Last month, we asked our readers: which members receive highly targeted communications from your association?
New members clearly have the membership and marketing team’s attention. Of our association respondents, just more than 57 percent said they gear specific communications to new members. This should make sense to any membership marketer: once an individual has made the leap into your association, you’re going to need to give them some extra guidance for a while regarding how to benefit the most from their membership, which events to look out for and how to become more involved.
Be careful with the amount of communication you direct at new members, however. In a recent online discussion about email marketing volume, Kevin Whorton of Whorton Marketing & Research noted that “Newer members often notice a ‘hunting license’ phenomena — the day before they joined they never heard from you, now they do constantly. Frequent discount offers for products/services they don’t understand yet is seen as advertising, not a helpful member service. Filtering brand-new members for a period while they ramp up before receiving the full volume can help with early adoption and retention.”
Longtime members and members of prominent industry segments receive the second-largest amount of attention and communication, and with good reason. Longtime members are likely those professionals who thoroughly understand the value of association membership and are ambassadors for your association, so it’s natural for your staff to work harder at keeping them in the loop. Same for prominent industry members. Many are likely to be past board members who want to stay involved even if in a less time-intensive way.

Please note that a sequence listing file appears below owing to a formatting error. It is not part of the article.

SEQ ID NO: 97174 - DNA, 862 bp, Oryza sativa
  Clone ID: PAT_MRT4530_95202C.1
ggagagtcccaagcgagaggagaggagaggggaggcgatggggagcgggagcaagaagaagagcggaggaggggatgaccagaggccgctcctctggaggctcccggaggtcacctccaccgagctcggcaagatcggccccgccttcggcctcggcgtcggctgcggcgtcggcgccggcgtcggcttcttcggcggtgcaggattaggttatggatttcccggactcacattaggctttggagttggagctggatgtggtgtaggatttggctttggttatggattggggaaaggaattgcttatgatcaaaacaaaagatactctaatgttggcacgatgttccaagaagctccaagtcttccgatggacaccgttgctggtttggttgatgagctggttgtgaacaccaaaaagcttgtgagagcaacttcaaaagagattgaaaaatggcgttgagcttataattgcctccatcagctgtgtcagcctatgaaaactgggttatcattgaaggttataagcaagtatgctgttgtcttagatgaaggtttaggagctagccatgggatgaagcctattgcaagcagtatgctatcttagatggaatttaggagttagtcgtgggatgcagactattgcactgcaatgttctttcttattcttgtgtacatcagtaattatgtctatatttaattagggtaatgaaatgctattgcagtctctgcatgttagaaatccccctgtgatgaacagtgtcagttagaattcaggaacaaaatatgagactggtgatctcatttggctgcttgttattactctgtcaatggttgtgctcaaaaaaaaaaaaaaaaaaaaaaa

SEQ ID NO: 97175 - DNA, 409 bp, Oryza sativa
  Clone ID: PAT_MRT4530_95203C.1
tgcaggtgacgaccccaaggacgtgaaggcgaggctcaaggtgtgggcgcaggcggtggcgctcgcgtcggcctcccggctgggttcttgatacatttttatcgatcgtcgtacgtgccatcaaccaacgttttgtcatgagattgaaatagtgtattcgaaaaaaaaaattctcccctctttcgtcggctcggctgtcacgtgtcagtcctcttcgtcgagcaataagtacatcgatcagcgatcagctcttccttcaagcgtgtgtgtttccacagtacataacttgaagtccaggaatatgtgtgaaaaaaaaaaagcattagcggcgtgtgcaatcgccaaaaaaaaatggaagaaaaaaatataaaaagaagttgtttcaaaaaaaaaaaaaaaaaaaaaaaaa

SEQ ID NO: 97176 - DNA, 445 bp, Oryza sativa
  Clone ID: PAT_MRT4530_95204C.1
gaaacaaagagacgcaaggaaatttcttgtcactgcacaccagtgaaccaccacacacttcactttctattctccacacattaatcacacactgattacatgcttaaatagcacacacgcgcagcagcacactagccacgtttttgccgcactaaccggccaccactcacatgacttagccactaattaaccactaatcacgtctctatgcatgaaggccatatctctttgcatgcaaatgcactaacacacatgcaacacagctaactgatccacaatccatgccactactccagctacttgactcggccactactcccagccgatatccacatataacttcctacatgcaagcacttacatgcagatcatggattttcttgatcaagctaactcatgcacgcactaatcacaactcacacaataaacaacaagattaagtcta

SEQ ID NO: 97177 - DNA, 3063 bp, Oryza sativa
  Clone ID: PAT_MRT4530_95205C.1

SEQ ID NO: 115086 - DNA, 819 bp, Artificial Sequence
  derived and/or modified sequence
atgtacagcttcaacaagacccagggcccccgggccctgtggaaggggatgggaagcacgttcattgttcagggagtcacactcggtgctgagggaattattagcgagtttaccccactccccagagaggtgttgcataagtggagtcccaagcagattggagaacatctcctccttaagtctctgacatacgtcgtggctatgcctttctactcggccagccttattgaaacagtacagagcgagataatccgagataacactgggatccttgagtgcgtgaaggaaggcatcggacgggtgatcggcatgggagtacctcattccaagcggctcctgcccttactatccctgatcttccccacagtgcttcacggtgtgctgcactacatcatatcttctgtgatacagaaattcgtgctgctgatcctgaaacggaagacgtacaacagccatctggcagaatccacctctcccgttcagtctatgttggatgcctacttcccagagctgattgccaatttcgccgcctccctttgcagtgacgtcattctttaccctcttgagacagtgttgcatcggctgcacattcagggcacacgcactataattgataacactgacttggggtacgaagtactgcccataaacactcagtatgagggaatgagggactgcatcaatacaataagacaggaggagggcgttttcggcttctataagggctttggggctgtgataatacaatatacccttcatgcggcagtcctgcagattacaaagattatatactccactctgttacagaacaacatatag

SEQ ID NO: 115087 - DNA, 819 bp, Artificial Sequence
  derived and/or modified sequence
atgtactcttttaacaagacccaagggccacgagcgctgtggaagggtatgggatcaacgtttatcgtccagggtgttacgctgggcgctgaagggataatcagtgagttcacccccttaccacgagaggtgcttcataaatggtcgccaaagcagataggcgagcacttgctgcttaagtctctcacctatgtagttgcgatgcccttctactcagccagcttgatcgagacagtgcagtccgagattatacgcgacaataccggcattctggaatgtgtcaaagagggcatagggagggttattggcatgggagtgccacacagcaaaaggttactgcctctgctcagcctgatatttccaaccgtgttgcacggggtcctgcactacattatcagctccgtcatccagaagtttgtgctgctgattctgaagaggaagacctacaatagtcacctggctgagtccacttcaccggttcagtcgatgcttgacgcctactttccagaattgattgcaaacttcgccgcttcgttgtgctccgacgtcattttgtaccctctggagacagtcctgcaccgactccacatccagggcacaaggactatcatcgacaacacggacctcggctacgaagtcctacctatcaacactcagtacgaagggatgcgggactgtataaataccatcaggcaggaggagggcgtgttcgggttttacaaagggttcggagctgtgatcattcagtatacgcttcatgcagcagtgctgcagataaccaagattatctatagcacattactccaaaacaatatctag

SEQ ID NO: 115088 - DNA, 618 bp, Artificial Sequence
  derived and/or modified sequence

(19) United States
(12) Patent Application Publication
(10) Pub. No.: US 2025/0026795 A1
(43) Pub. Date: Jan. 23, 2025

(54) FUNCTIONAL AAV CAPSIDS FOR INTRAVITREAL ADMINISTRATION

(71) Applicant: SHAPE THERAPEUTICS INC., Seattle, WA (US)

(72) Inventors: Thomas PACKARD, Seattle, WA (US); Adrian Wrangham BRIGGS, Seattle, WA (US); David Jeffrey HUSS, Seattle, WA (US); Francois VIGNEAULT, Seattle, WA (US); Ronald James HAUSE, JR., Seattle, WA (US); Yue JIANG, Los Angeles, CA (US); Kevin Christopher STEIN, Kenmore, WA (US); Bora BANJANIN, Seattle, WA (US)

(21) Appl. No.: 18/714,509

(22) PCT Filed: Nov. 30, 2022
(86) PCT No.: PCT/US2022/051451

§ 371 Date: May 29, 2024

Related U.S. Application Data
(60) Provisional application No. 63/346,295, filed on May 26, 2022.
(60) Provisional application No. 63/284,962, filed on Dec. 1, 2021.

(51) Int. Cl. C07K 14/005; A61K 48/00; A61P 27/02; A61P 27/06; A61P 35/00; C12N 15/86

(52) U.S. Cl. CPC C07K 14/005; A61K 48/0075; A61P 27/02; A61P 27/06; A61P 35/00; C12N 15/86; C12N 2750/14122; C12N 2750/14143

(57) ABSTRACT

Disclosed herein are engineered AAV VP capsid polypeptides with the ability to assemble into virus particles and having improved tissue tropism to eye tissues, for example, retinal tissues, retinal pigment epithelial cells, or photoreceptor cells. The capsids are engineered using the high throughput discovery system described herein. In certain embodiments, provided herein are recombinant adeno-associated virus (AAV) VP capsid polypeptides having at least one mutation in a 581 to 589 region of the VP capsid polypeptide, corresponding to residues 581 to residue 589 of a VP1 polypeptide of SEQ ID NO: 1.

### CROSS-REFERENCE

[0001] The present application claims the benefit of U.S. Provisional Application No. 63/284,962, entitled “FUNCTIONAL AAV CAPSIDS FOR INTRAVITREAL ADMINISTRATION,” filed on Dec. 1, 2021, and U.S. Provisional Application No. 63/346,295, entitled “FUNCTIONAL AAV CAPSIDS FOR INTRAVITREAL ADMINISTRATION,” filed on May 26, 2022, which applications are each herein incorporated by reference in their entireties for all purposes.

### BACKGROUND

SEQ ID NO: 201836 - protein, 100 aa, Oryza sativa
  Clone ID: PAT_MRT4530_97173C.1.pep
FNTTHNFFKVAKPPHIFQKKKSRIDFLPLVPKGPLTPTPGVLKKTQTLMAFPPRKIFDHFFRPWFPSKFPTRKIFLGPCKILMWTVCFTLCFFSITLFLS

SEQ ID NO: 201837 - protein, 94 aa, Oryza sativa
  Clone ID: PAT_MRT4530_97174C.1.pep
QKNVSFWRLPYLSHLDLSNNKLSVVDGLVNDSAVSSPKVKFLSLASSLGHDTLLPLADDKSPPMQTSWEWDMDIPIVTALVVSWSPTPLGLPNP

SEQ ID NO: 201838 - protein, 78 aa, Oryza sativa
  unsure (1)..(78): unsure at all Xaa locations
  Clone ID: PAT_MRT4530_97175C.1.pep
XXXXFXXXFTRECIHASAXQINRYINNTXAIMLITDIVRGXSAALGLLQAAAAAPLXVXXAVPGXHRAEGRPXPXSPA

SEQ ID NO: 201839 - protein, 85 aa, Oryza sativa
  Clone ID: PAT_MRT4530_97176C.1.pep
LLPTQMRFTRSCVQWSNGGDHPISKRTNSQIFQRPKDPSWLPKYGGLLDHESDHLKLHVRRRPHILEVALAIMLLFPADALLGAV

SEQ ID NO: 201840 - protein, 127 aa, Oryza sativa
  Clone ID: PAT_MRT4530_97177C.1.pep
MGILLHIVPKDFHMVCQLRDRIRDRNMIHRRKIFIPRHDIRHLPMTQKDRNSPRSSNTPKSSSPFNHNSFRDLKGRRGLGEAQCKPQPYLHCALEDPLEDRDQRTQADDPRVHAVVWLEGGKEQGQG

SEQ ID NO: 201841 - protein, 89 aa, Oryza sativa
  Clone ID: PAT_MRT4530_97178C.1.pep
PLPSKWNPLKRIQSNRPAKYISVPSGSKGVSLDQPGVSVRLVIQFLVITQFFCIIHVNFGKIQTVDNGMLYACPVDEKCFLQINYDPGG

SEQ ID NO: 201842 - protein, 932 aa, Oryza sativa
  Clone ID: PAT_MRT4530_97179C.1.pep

Women also receive a significant portion of targeted communications, says 14.3 percent of respondents. Many associations have women’s committees or roundtables for professional women to gather and discuss workplace or industry issues specific to their gender.
Somewhat surprisingly, none of our respondents said they target special communications to mid-career professionals and ethnic minorities. This could be a sign that these member segments are already highly involved in their associations and don’t require extra communications. Or this could be an opportunity for associations to engage an underrepresented group. Take a look at your mid-career members (knowing that the definition of “mid-career” could depend on the average longevity in your industry or stage of certification, and not age) and your demographics, and analyze how involved those members are at present. In what meaningful ways could your association reach out to them?
What about your association? Do the above results speak to your experience communicating with member subgroups? Leave us a comment below, or add your voice to our poll — it’s still open on our polls page.